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WHERE IS CARDIFF?
Cardiff (Welsh: Caerdydd) is a City and County in Wales, which is a Country in the United Kingdom of Great Britain and Northern Ireland. Wales is traditionally known as a Principality, but is governed by the Welsh Assembly and the UK Parliament in Westminster, England. Cardiff is located in South Wales, and is bordered by Caerphilly and the Valleys to the North, the Vale of Glamorgan to the West, and the City of Newport to the East.
Situated on mainly low, reclaimed marshland on top of a Triassic landscape, Cardiff is divided by three rivers; the Ely in the West, the Taff through the middle and the Rhymney to the East. Both the Taff and Ely flow into Cardiff Bay, creating an artificial lake, which then flows into the Severn.
The Severn Estuary on which Cardiff's Coal exporting ports were based, has the second highest tidal range in the world and the treacherous waters have been responsible for many devastating floods. Cardiff has a maritime climate, with temperatures ranging from up to 30 degrees in the Summer, to minus 10 in the Winter. The City itself is made up of over 20 main suburbs (wards) which contain some of the largest housing estates in Europe. Contained within these suburbs are numerous villages and sub-wards, which are explored in greater detail further on in the site.
A BRIEF HISTORY OF CARDIFF
The Romans and the Normans
Cardiff has a long and interesting history and people have lived in Cardiff for thousands of years. But the real history begins in A.D. 43, when the Romans invaded Britain in the 1st century, and didn't relinquish their hold over the country until their departure in 407.
Within 20 years of the Battle of Hastings, the Normans were marching on Wales. In 1091 Robert FitzHamon began work on Cardiff Castle and a small settlement grew up around it. By the Elizabethan times Cardiff was a lawless, pirate-infested port. In 1608 King James I granted a Royal Charter and by the 18th century it was a sleepy backwater of 1,500 people.
The Industrial Revolution and Marquises of Bute
In the 1790's the local gentry, the Butes, built the Glamorganshire Canal to join Cardiff with Merthyr Tydfil. Known as the 'Forefathers of Cardiff", the Bute Family invested their fortunes in constructing the first docks in Cardiff in 1839, betting that their new Canal would bring them almost total dominance over the coal export business.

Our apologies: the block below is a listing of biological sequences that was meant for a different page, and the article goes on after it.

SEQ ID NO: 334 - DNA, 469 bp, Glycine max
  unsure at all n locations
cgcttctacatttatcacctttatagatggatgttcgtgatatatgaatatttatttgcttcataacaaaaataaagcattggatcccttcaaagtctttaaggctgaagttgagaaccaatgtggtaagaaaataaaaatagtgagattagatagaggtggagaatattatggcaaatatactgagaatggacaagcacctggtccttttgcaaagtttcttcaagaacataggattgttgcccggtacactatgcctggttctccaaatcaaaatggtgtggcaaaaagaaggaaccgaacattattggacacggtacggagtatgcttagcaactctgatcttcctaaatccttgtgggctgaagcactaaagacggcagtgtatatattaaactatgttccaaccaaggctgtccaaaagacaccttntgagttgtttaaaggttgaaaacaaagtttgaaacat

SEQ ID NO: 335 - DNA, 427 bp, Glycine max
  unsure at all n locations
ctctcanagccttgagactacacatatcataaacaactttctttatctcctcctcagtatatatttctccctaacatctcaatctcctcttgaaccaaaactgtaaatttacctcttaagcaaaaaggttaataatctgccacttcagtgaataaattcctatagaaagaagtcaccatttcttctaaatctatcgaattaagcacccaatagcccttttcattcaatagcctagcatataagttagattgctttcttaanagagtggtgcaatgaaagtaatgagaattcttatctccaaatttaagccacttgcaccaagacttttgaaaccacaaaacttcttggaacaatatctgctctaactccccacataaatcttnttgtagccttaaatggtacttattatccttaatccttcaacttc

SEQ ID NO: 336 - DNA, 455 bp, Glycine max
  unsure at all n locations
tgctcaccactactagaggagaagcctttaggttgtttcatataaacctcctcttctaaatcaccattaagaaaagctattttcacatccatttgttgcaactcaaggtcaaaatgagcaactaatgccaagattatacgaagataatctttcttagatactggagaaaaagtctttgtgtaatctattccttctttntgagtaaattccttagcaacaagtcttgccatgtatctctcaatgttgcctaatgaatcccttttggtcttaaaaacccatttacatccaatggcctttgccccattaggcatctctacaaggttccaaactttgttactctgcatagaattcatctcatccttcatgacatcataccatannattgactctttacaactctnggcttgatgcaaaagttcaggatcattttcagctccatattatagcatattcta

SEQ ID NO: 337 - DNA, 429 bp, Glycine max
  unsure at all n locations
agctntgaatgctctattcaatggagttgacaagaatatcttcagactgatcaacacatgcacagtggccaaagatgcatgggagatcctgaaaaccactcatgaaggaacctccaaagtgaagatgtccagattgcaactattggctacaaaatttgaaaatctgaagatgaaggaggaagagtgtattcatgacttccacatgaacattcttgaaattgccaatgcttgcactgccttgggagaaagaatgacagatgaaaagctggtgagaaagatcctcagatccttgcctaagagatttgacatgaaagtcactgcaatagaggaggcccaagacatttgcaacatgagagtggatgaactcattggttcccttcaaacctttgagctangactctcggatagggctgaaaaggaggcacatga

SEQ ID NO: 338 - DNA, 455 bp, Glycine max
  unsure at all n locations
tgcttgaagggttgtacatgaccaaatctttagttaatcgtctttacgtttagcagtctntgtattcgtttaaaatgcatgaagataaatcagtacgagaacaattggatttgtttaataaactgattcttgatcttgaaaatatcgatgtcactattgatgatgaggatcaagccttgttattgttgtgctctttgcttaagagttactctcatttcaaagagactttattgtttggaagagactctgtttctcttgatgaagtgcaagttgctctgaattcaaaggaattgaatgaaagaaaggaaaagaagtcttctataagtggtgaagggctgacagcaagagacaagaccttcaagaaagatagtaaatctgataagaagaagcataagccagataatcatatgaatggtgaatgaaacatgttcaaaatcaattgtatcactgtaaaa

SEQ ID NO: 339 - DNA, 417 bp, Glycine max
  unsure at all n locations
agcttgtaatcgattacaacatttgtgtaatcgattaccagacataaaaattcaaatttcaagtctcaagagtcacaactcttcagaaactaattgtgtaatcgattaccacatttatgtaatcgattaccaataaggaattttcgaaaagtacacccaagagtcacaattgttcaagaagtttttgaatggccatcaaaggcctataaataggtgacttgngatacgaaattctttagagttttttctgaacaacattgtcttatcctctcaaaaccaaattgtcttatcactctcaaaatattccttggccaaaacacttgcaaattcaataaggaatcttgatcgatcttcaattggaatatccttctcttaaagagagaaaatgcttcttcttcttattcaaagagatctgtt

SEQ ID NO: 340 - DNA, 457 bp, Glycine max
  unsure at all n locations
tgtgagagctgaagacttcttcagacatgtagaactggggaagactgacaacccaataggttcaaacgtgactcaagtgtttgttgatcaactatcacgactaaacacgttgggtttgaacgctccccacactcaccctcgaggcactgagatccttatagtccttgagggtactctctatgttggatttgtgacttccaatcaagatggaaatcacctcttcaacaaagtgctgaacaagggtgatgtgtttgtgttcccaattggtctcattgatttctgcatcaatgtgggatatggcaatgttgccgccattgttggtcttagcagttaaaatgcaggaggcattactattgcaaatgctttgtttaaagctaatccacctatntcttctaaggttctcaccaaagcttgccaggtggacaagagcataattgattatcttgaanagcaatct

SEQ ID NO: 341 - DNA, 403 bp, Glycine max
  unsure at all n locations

The Butes were responsible for the renovation of Cardiff Castle and gave the City's inhabitants Bute Park, Sophia Gardens, and Cathays Park, one of the most impressive civic centers in the world. The population reached 250,000 in the first half of the 20th century, after being granted city status in 1905. Cardiff became the biggest coal-exporting port in the world, and at its peak in 1913, more than 13 million tons of coal left here.
A Capital City
In the 1950's, Cardiff had to justify it's nomination (and subsequent victory) for becoming the capital. Wales has a history spanning thousands of years, but in all that time did not have a capital city - and there were several major contenders in the race to become capital of Wales, including Swansea. Cardiff made it's claim to be capital based on it's long history associated with Coal and the fact that Cardiff had such a diverse population comprised of many different ethic groupings. The amount of work and investment in the City allowed it grow faster than other Welsh towns and cities, which brought more and more people to Cardiff.
Cardiff has many assets to reflect it's status as capital. The Millennium Centre, the Millennium Stadium, and the Cardiff Bay Barrage, which was one of the largest civil engineering projects in Europe during construction in the 1990's. In 2005, Cardiff celebrated two significant Birthdays. It had been 100 years since it was granted City status, and 50 years since it was declared Capital of Wales by Edward VII. A whole host of television programmes, books and websites (including this one) were commissioned to mark the momentous occasion.
Today Cardiff is the youngest and most dynamic, non-purpose built Capital City in Europe. It's a great place to visit and the ideal base from which to explore the coast, culture and heritage of Wales and western Britain. The Sci-Fi programs Torchwood and Doctor Who are filmed in the City, as well as the Welsh drama 'Caerdydd". The City is host to many major events, including World Class Rugby, Football and Cricket, the massive Admiral sponsored annual 'Cardiff Festival', Mardi Gras, The National Eisteddfod of Wales (Eisteddfod Genedlaethol Cymru) and musical concerts both in the stadium and the Cardiff International Arena.
Site updated: 17th October 2011